UK Learns Excel has a row limit in the hard way by missing 16K COVID cases - Numbers.lk
The extraordinary meltdown was caused by an Excel spreadsheet containing lab results reaching its maximum size, and failing to update. Some 15,841 cases between September 25 and October 2 were not uploaded to the government dashboard. As well as underestimating the scale of the outbreak in the UK, critically the details were not passed to contact tracers, meaning people exposed to the virus were not tracked down.
05 October, 2020 | 17:54 p.m.
A row limit on Microsoft’s Excel spreadsheet software may have led to Public Health England misplacing nearly 16,000 COVID test results, it is understood.
The extraordinary meltdown was caused by an Excel spreadsheet containing lab results reaching its maximum size, and failing to update. Some 15,841 cases between September 25 and October 2 were not uploaded to the UK government dashboard.
As well as underestimating the scale of the outbreak in the UK, critically the details were not passed to contact tracers, meaning people exposed to the virus were not tracked down.
The BBC has confirmed the missing Covid-19 test data was caused by the ill-thought-out use of Microsoft's Excel software. Furthermore, Public Health England (PHE) was to blame, rather than a third-party contractor.
The issue was caused by the way the agency brought together logs produced by the commercial firms paid to carry out swab tests for the virus.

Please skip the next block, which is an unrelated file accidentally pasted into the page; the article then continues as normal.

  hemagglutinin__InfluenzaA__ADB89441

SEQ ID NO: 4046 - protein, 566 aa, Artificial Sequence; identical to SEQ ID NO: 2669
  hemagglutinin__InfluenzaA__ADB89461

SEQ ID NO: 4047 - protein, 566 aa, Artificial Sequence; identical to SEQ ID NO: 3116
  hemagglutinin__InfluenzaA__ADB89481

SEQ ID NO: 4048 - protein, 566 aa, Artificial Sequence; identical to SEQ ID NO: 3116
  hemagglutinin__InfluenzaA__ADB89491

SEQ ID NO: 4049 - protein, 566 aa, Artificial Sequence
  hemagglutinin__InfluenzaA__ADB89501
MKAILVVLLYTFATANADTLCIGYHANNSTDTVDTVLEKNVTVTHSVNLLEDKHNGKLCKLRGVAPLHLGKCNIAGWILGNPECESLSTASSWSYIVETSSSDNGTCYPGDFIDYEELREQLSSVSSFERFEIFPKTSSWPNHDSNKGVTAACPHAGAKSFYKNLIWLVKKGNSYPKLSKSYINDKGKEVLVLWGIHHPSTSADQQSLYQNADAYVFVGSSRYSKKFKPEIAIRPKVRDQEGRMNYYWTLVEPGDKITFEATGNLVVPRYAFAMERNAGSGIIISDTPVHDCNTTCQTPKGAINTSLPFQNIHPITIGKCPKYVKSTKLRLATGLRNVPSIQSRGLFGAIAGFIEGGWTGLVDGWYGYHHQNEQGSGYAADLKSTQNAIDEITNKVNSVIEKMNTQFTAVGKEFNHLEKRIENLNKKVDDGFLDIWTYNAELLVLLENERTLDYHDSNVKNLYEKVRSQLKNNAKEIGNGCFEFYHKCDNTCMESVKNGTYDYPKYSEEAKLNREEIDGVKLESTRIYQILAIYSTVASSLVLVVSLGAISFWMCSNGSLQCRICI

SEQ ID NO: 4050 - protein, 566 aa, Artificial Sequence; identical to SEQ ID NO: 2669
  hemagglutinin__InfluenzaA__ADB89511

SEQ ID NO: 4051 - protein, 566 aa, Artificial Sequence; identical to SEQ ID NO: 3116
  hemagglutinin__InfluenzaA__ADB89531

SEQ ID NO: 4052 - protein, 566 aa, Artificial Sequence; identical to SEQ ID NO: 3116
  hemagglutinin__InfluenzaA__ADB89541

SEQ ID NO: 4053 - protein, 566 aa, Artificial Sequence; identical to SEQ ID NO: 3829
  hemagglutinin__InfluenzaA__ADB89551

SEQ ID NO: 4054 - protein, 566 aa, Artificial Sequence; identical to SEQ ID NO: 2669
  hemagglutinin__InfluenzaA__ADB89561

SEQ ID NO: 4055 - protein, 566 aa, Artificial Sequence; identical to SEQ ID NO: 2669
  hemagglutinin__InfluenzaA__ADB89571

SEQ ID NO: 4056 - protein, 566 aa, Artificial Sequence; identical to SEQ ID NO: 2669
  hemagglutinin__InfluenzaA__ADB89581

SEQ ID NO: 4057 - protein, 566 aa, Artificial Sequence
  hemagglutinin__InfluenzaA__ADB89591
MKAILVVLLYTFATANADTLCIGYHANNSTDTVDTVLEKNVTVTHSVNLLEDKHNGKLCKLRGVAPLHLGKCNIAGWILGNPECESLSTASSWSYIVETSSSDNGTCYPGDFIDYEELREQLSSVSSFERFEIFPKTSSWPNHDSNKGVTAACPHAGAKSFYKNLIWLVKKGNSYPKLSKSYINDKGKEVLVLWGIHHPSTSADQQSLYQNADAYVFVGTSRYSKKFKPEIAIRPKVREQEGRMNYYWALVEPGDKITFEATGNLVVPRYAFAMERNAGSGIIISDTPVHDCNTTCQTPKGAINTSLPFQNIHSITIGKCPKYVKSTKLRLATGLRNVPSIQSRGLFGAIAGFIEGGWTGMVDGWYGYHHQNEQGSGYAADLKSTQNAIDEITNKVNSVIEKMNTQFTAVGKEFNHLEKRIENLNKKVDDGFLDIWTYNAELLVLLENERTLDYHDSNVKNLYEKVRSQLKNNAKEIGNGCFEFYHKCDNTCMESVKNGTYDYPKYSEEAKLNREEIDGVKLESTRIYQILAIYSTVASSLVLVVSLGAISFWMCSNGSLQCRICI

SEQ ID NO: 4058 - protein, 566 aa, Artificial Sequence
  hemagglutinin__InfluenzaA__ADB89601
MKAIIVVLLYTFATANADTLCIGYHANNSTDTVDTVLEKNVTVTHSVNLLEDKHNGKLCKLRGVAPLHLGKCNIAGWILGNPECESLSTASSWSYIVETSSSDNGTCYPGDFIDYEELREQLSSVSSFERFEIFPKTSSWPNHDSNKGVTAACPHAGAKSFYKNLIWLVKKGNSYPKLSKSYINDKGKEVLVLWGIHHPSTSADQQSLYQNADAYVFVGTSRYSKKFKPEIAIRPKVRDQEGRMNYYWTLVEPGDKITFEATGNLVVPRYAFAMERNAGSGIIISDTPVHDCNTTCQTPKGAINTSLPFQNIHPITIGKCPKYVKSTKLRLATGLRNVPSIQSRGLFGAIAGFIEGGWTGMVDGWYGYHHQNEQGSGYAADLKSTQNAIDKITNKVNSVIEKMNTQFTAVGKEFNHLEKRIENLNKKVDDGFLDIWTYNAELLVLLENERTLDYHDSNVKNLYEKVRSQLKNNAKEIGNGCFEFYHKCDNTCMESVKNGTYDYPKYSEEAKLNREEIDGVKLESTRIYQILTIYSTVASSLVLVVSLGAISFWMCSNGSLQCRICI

They filed their results in the form of text-based lists, without issue. PHE had set up an automatic process to pull this data together into Excel templates so that it could then be uploaded to a central system and made available to the NHS Test and Trace team as well as other government computer dashboards.
The problem is that the PHE developers picked an old file format to do this - known as XLS. As a consequence, each template could handle only about 65,000 rows of data rather than the one million-plus rows that Excel is actually capable of.
The problems are believed to have arisen when labs sent in their results using CSV files, which have no limits on size. But PHE then imported the results into Excel. Since each test result created several rows of data, in practice it meant that each template was limited to about 1,400 cases. When that total was reached, further cases were simply left off.
However, the technical issue has now been resolved by splitting the Excel files into batches.
How the rate per 100,000 looked across England in the week to 1 October on Friday, before the glitch was found, and how it looked last night.
Excel is a very dangerous tool to handle big data in the first place. In 2013, an Excel error at JPMorgan masked the loss of almost $6bn (£4.6bn), after a cell mistakenly divided by the sum of two interest rates, rather than the average. The news led James Kwak, a professor of law at the University of Connecticut, to warn that Excel is “incredibly fragile”.
Errors from the spreadsheet software have even changed the very foundations of human genetics. The names of 27 genes have been changed over the past year by the Human Gene Nomenclature Committee, after Microsoft’s program continually misformatted them. The genes SEPT1 and MARCH1, for instance, have been changed to SEPTIN1 and MARCHF1 after they were repeatedly turned into dates, while symbols that were common words have been altered so that grammar tools didn’t autocorrect them: WARS is now WARS1, for instance.
This is not Excel's fault, any more than it would be the fault of a Swiss army knife if you used it to build a bridge and the bridge fell down. It's simply the wrong tool for the job, and the fault is with whoever decided to use it in critical systems.
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